How to Cheat Car Insurance Companies

People often wonder if they can cheat car insurance companies and get better insurance claims by not sharing all their information or in other ways. Do people usually do this? If they do, when do they choose to do it? Does this trick actually work?

Looking at the car insurance industry, some people try to hide or alter some details while filing claims or when they are obtaining a new policy, hoping this might lead to a decrease in their insurance premiums.

However, such attempts hardly work – but when they do can land you in trouble. For example, a Brooklyn Center man has been sentenced to 30 Months in prison for insurance fraud after staging a politically motivated arson attack.

Now, why is cheating an insurance company likely to fail? Because car insurance firms have a solid system that checks your driving history, your past claims, and your personal data. Moreover, these companies share their information in a database which makes it almost impossible for anyone to fool them.

On the legal side of things, lying to an insurance company, even to get better rates, is considered “insurance fraud”. This is a serious offense with severe repercussions. So, it’s always a good idea to stick to the truth and share accurate information with your insurer.

How to Cheat Car Insurance Companies

1. Applying for Insurance

There are two ways people typically try to cheat during the application process:

  • Hide driving records. You can hide your previous tickets or accidents hoping to secure lower insurance rates. However, insurance companies can access your driving records electronically. If you leave out any information, you’ll initially get a quote based on incomplete data (say, $600). However, when the company eventually checks your record, the quote might increase to account for your actual driving history (for example, it may jump to $790).
  • Hide household drivers. All household drivers, including your children, must be declared even if they have their own cars and insurance. If you don’t disclose all drivers, any claim related to an accident caused by an undisclosed driver will be denied on grounds of fraud. If you want to avoid extra costs for additional drivers, you can choose to exclude them from your policy. Remember, this also means they should never drive your cars, as there will be no coverage for them.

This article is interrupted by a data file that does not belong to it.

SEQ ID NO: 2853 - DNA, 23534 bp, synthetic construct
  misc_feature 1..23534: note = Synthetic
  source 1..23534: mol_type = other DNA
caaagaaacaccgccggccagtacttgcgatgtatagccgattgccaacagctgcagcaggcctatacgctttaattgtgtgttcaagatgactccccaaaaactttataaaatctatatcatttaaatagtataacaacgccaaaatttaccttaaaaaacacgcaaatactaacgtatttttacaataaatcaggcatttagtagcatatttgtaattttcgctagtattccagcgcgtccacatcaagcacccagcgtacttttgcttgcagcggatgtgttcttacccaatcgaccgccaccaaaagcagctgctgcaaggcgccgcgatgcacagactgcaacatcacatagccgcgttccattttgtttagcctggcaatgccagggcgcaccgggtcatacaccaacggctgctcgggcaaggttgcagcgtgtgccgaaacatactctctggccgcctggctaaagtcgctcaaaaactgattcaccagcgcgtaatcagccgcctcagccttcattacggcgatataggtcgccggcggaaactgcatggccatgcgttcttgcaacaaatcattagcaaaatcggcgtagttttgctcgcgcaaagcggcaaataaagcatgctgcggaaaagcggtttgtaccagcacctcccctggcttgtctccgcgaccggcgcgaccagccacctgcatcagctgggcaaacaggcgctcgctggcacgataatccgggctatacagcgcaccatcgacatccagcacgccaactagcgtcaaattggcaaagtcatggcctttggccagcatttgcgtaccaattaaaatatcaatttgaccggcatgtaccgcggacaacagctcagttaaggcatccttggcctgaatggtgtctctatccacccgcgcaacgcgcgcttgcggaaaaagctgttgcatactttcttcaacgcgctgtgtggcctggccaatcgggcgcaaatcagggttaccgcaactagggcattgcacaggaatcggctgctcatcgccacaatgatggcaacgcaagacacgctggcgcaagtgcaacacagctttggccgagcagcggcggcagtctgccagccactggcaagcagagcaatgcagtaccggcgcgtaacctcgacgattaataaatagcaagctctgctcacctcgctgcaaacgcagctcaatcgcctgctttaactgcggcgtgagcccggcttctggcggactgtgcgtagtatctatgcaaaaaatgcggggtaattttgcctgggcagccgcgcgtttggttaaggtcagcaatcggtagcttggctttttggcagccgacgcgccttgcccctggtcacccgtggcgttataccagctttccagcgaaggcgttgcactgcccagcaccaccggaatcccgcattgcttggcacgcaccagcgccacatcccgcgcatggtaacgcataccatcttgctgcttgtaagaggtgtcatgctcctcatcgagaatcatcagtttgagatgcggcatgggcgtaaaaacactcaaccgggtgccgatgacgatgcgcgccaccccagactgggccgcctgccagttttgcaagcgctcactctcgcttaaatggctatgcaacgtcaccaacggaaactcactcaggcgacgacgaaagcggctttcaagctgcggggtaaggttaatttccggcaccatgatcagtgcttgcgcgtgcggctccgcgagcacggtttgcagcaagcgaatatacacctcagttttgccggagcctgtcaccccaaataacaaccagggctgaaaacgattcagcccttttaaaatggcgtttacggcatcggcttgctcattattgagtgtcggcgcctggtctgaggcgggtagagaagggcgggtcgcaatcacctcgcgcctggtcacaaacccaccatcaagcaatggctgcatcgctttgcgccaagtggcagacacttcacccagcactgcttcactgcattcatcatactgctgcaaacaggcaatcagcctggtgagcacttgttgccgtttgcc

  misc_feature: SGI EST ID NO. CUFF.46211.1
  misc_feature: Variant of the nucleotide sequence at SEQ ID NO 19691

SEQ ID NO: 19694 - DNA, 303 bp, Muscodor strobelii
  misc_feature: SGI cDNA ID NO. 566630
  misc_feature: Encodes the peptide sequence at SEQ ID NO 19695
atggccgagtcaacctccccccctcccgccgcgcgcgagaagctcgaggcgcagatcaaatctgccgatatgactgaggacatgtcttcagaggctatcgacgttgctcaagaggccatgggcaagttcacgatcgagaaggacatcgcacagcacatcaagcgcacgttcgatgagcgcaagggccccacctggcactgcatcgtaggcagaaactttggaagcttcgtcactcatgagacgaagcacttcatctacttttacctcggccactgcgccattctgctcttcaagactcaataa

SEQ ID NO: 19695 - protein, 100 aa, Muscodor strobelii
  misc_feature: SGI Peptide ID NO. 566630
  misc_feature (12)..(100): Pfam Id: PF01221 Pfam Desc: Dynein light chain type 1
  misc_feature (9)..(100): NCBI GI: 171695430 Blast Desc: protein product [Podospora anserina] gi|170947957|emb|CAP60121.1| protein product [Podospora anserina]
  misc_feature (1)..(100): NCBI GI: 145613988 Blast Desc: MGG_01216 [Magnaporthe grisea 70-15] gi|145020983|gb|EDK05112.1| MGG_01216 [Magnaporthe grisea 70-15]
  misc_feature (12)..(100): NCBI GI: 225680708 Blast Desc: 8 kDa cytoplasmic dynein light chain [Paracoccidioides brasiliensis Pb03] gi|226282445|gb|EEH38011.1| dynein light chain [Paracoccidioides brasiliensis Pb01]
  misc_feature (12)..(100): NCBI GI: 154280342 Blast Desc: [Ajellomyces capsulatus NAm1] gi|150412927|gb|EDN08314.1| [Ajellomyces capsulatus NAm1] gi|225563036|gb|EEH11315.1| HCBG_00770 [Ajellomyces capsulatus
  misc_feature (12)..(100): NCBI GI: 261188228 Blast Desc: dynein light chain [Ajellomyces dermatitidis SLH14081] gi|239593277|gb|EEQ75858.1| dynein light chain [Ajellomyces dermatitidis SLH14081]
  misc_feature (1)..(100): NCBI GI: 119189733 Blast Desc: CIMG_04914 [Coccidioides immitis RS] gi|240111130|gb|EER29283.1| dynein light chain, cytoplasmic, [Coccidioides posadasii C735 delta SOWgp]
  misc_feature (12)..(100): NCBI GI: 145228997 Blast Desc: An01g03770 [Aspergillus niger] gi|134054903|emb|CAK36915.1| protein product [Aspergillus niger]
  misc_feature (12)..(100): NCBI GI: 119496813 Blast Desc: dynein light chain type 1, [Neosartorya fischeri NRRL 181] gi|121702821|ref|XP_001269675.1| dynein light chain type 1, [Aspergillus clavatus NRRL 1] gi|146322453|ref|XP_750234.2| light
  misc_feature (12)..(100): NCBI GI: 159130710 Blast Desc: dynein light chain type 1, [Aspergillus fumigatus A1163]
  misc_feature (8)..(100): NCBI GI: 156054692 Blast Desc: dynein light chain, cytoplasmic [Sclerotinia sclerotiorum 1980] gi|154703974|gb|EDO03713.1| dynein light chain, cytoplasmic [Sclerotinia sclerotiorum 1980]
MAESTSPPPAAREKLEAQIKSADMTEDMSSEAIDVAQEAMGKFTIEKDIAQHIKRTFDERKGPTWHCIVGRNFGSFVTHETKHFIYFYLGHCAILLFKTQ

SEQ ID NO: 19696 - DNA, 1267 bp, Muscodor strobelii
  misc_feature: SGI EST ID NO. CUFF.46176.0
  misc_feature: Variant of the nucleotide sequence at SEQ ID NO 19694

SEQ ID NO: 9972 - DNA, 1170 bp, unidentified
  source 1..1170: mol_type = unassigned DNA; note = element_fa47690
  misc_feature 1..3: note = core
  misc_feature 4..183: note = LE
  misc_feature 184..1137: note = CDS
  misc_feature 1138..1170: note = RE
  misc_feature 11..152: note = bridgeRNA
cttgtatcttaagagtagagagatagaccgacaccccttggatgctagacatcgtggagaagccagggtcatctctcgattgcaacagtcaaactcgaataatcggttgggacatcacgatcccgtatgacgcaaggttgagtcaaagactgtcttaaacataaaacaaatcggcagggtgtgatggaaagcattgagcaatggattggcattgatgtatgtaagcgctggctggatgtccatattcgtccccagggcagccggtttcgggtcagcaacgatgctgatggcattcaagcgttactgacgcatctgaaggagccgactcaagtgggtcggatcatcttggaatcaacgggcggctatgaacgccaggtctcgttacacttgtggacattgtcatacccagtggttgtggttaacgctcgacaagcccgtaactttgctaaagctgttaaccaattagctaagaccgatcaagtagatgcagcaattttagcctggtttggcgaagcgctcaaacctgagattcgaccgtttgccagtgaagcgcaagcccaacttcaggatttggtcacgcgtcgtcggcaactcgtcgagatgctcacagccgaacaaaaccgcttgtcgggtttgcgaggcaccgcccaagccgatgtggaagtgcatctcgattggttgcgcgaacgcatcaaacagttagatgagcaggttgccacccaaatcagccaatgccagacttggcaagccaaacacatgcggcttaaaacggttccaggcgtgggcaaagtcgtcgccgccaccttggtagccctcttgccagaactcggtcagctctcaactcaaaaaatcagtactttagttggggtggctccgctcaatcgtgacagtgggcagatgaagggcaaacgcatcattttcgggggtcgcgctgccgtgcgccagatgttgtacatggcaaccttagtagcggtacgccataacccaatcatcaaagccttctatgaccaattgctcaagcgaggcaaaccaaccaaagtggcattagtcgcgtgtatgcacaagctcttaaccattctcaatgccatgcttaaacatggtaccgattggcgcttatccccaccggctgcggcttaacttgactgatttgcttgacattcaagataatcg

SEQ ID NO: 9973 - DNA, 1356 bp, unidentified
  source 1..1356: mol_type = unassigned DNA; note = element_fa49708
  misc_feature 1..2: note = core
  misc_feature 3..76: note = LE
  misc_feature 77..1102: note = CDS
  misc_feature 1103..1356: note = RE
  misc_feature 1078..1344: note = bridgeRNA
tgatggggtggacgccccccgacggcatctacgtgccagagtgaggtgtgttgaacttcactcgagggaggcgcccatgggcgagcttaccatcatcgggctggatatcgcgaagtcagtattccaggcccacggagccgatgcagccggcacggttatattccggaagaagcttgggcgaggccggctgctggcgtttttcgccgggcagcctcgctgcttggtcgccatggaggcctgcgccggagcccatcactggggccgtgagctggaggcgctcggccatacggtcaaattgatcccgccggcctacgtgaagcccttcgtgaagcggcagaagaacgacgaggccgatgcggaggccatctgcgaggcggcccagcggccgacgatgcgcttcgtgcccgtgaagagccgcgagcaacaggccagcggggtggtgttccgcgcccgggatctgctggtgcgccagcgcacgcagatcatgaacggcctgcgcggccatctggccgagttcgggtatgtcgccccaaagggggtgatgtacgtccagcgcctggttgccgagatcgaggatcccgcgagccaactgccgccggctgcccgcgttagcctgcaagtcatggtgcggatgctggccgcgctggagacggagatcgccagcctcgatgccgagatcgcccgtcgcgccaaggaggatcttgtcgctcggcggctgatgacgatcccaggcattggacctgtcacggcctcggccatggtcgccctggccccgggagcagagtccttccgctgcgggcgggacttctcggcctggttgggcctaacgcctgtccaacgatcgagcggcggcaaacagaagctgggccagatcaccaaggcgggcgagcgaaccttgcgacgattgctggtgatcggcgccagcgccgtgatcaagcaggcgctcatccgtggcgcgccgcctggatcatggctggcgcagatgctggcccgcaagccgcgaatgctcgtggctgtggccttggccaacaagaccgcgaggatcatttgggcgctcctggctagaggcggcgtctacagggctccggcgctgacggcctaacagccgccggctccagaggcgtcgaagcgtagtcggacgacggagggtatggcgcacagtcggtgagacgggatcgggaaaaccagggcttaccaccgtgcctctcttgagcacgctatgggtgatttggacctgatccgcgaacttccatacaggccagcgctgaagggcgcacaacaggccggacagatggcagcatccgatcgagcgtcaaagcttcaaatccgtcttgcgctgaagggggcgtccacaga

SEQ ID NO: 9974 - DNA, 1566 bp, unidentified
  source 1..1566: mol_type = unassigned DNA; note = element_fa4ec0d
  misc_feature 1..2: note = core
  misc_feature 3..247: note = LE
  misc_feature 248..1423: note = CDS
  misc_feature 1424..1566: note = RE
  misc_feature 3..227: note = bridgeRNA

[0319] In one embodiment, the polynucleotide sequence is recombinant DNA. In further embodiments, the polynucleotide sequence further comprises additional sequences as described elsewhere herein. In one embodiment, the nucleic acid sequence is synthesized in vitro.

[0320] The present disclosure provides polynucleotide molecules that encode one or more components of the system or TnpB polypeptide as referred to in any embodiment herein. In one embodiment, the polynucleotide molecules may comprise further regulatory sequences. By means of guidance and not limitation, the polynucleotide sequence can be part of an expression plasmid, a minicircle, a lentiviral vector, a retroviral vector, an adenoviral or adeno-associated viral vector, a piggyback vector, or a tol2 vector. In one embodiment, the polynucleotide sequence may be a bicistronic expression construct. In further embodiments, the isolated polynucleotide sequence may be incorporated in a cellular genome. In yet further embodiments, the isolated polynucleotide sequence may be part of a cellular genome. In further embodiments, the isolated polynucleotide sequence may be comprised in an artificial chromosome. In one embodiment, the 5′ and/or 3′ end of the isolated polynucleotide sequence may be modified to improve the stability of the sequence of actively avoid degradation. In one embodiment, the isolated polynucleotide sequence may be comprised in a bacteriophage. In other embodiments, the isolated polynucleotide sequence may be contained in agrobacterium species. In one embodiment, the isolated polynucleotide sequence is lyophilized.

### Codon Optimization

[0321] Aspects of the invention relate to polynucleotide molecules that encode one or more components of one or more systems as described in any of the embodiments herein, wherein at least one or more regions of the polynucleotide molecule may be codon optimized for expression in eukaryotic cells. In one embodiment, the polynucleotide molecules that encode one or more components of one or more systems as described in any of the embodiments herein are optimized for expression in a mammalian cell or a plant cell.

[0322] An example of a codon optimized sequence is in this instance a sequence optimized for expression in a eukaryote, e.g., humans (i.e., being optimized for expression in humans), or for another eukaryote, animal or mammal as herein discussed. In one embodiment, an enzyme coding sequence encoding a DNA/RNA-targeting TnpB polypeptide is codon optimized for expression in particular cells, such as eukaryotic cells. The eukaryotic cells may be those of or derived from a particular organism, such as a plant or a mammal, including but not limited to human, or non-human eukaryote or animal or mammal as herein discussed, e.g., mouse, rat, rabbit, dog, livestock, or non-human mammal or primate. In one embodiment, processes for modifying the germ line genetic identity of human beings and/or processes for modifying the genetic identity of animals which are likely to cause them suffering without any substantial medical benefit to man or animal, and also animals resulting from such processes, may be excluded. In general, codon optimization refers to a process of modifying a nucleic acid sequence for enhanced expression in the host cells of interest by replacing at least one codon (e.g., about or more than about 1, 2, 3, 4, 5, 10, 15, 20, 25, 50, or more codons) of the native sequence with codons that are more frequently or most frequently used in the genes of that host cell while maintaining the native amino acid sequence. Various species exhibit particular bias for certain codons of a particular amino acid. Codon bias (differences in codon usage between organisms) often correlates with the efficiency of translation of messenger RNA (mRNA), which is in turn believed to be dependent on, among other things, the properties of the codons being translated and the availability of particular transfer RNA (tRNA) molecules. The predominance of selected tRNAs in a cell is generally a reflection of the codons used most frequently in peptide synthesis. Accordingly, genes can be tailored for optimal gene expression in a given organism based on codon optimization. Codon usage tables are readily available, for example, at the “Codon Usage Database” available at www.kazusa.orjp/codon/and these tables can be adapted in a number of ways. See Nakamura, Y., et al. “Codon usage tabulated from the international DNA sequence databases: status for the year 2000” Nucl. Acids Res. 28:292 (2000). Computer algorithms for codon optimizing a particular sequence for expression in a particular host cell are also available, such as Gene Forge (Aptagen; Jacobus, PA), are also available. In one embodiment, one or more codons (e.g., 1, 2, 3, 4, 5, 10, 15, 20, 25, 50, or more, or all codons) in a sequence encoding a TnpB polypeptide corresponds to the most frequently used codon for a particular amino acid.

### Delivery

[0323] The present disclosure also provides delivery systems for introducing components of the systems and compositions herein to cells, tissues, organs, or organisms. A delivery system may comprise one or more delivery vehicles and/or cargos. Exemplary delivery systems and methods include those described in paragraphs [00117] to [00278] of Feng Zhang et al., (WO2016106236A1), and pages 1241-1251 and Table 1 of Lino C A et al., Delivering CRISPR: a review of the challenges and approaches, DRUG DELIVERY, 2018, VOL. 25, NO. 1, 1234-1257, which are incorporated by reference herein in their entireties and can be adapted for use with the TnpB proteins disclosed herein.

2. Falsely Declaring Vehicle Ownership

This happens when someone (a non-custodial parent or grandparent) buys a car for a child or grandchild, insures it under their policy, but doesn’t declare the actual driver. If the child causes an accident, it will be found out that the car’s garaging address and the known driver were falsely reported, which will lead to claim denial due to fraud.

3. Wrong Address Claims

You can try to cheat car insurance companies by providing a fake address for the car’s location. If you claim an accident and the supposed address of the car is hundreds of miles away, insurance companies will investigate.

If it’s found that you don’t live or ever appear at the given address, your claim will be denied due to fraud.

4. Claims on Pre-existing Damage or Issues

  • Old damage. If your car has existing damage and you try to claim it after a new accident, the claim will be denied unless the new accident occurred in the same spot as the old damage.
  • Non-working equipment. Trying to claim repairs for equipment like AC or radio that stopped working long before the accident will also be denied unless the accident can be proven to have caused these issues.

5. False Injury Claims

In some cases, you can feign injuries after an accident, hoping to get compensation. However, these attempts usually require a lot of time, effort, and sometimes even fake treatments, which may lead to lost pay or job.

Eventually, after the lawyer and doctor fees, the final amount you receive might be minimal (like $300).

6. Cheat Car Insurance Companies by Underwriting

This kind of fraud involves either hiding important risk information or giving incorrect information to reduce the insurance premium.

For instance, in a hard fraud scenario, someone may insure non-existent but registered vehicles and then file fraudulent claims on these vehicles. This is a clear case of fraud with the intent to cheat the insurer from the beginning.